Finding a tradesman
How to avoid a rogue trader
By Liz Ransome-Croker
Article 1 of 2
Avoid being stung by a rogue trader with Which? advice on the common practices they employ, plus inside tips on hiring a reliable trader.
From doorstep scammers to sloppy builders, rogue traders can catch you out in a number of ways. Here, we reveal the tricks they use to reel you in, and explain how to find a trader who's trustworthy.
We’ve all heard stories of unscrupulous traders knocking on old people’s doors, claiming that work needs to be done, then swiftly making off with hundreds of pounds without having done any work.
Unfortunately, these aren't urban myths. Between August 2017 and July 2018, Action Fraud recorded 7,085 cases of people being defrauded by doorstep sellers and bogus tradespeople, while Citizens Advice logged 73,861 home improvement-related queries and issues from July 2017 to June 2018.
We've spoken to the expert trader assessors at Which? Trusted Traders, as well as our reliable traders themselves, to get the inside track on the common practices dodgy traders employ.
Jump to how to find a trusted trader for insider tips on questions to ask, actions to take and ways to protect yourself in case any problems arise.
If you're looking for a reliable trader, visit Which? Trusted Traders, where we do the hard work for you. All our registered traders are put through extensive assessments and background checks.
Rogue trader tricks
All our assessors at Which? Trusted Traders are ex-Trading Standards, so have years of experience in spotting a dodgy trader. We asked them for the lowdown on the signs to look out for.
You'll also get access to our list of the most prevalent doors-stop scams and lax trader behaviours homeowners have had to deal with.
Rogue traders often operate by cold calling. When we asked 1,645 Which? members (June/July 2018) whether they or a relative had ever had someone claiming to be a trader call out of the blue or turn up unannounced at their door, 52% had.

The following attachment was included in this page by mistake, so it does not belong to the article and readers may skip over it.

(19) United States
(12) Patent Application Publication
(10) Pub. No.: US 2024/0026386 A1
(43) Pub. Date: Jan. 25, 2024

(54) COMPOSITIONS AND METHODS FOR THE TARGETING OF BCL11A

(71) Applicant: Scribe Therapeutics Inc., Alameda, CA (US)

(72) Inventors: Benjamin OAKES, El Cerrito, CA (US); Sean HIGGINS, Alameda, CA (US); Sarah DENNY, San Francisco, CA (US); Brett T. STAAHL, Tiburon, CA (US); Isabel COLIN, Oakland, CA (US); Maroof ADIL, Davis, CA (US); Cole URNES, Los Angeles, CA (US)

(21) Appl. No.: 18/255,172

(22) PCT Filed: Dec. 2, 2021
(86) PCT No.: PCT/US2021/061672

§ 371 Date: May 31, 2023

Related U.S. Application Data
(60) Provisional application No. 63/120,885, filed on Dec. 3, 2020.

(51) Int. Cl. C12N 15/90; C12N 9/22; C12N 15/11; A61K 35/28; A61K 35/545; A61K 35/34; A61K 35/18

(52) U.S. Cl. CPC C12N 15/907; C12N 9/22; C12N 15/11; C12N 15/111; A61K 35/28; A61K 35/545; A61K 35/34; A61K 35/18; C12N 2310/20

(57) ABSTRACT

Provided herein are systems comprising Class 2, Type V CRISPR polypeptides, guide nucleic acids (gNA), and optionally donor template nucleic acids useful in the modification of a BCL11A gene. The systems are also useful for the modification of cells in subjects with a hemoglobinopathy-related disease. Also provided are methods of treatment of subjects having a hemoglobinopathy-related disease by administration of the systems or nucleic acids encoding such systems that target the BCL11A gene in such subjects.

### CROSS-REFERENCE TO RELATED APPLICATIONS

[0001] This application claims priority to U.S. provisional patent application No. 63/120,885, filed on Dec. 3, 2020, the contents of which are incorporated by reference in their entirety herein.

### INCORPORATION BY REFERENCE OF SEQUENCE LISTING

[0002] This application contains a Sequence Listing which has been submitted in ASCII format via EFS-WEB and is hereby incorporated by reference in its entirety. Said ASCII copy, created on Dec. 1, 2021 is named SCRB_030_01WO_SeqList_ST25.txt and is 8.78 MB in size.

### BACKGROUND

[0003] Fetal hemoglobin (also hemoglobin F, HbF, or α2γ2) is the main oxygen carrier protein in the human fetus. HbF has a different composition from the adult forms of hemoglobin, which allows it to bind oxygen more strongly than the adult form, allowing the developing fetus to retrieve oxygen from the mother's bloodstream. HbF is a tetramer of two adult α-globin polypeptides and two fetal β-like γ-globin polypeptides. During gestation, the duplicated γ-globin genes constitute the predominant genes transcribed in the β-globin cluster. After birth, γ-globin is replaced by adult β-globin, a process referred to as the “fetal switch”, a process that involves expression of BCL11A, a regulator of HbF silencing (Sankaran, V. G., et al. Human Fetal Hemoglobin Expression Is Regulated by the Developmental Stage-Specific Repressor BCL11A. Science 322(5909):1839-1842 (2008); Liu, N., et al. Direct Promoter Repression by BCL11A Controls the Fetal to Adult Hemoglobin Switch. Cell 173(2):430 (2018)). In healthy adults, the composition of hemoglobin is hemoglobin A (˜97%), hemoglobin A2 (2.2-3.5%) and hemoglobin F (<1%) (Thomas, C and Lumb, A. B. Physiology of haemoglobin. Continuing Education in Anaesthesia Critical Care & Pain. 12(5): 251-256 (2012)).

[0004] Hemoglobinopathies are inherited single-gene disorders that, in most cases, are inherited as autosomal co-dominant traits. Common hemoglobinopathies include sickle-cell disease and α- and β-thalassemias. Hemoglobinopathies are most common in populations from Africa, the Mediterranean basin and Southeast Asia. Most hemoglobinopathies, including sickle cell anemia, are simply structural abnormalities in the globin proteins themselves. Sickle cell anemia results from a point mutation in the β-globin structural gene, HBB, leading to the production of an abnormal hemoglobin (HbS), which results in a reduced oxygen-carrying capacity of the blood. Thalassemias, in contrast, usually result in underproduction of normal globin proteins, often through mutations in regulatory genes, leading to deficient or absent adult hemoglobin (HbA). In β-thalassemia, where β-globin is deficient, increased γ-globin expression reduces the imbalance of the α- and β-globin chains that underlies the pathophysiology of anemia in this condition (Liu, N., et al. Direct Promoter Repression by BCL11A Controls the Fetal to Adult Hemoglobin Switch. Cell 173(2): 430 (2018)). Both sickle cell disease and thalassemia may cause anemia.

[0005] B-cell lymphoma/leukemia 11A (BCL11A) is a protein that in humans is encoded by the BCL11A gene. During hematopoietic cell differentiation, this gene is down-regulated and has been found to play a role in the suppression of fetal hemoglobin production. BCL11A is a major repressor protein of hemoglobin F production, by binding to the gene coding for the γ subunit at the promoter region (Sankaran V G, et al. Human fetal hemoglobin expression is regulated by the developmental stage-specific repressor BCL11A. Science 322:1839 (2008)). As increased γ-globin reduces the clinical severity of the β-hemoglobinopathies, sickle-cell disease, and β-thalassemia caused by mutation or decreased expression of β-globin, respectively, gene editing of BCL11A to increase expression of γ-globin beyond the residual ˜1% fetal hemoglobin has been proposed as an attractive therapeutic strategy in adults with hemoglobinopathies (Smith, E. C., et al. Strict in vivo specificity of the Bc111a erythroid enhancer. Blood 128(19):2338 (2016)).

14% lost trust in traders and 8% suffered emotional distress as a result.
Any home improvement opportunities that can be seen from the road can be a possible target for a doorstop scammer, who may lie about or exaggerate work that needs to be done. This could include driveway repaving, garden landscaping or window reglazing.
Criminals employ a range of tactics to target the vulnerable. This includes looking for homes with tired exteriors, where elderly relatives are more likely to live, and residents with typically older names. Some work together by discreetly marking the pavement outside the houses of those recently scammed, or circulating ‘suckers’ lists on the black market.
It’s not just someone knocking on the door that you should be cautious of - take leaflets put through your letterbox with a pinch of salt, too. This is another way in which cowboy traders try to reel you in, making misleading or false claims and using scare tactics, particularly around home security.
If you're being pestered by cold calls, visit our guide to nuisance calls to find out how to put a stop to them, and head to how to find a trusted trader for advice on responding to cold callers coming to your door.
Common dodgy trader practices
Fraudsters misleading someone into handing over money and then disappearing is the more extreme end of the rogue trader scale.
But there are plenty of other unacceptable practices that can be costly and infuriating for homeowners.
We spoke to nearly 300* of our Which? Trusted Traders about the negligent practices that they have seen in their line of work.
Log in to find out what they are.
If you've been let down, visit our page on what to do if you have a dispute with a trader for advice on how to reach a resolution.
Sole traders vs big companies
It’s not just one-man bands that can prove problematic for consumers. Our Which? Legal team also receives complaints about the installation services of big-name brands.
We survey customers to find out what they make of the kitchen and bathroom companies they use. Our customer scores, which are based on how satisfied customers are with brands and whether they’d recommend them to a friend, show what people think of big kitchen and bathroom companies’ fitting services.
There can be advantages to using a big company over a lone ranger. Retailers are more likely to have a complaints procedure in place, and be part of an dispute resolution scheme, both of which can be very helpful if something does go wrong.
They’re usually in a better financial position, or have more assets, so there can be a greater chance of getting your money back if they fall short of expectations. Plus, there's less risk of them disappearing into thin air when a complaint is made.
To reveal our list of top tips from ex-Trading Standards experts and Which? Trusted traders, Which? members can log in.
If you're not yet a Which? member, get instant access by joining Which?. You'll get access to all our member-only advice and thousands of product reviews.
*In June/July 2018 we spoke to 292 Which? Trusted traders about the negligent practices that they have seen in their line of work.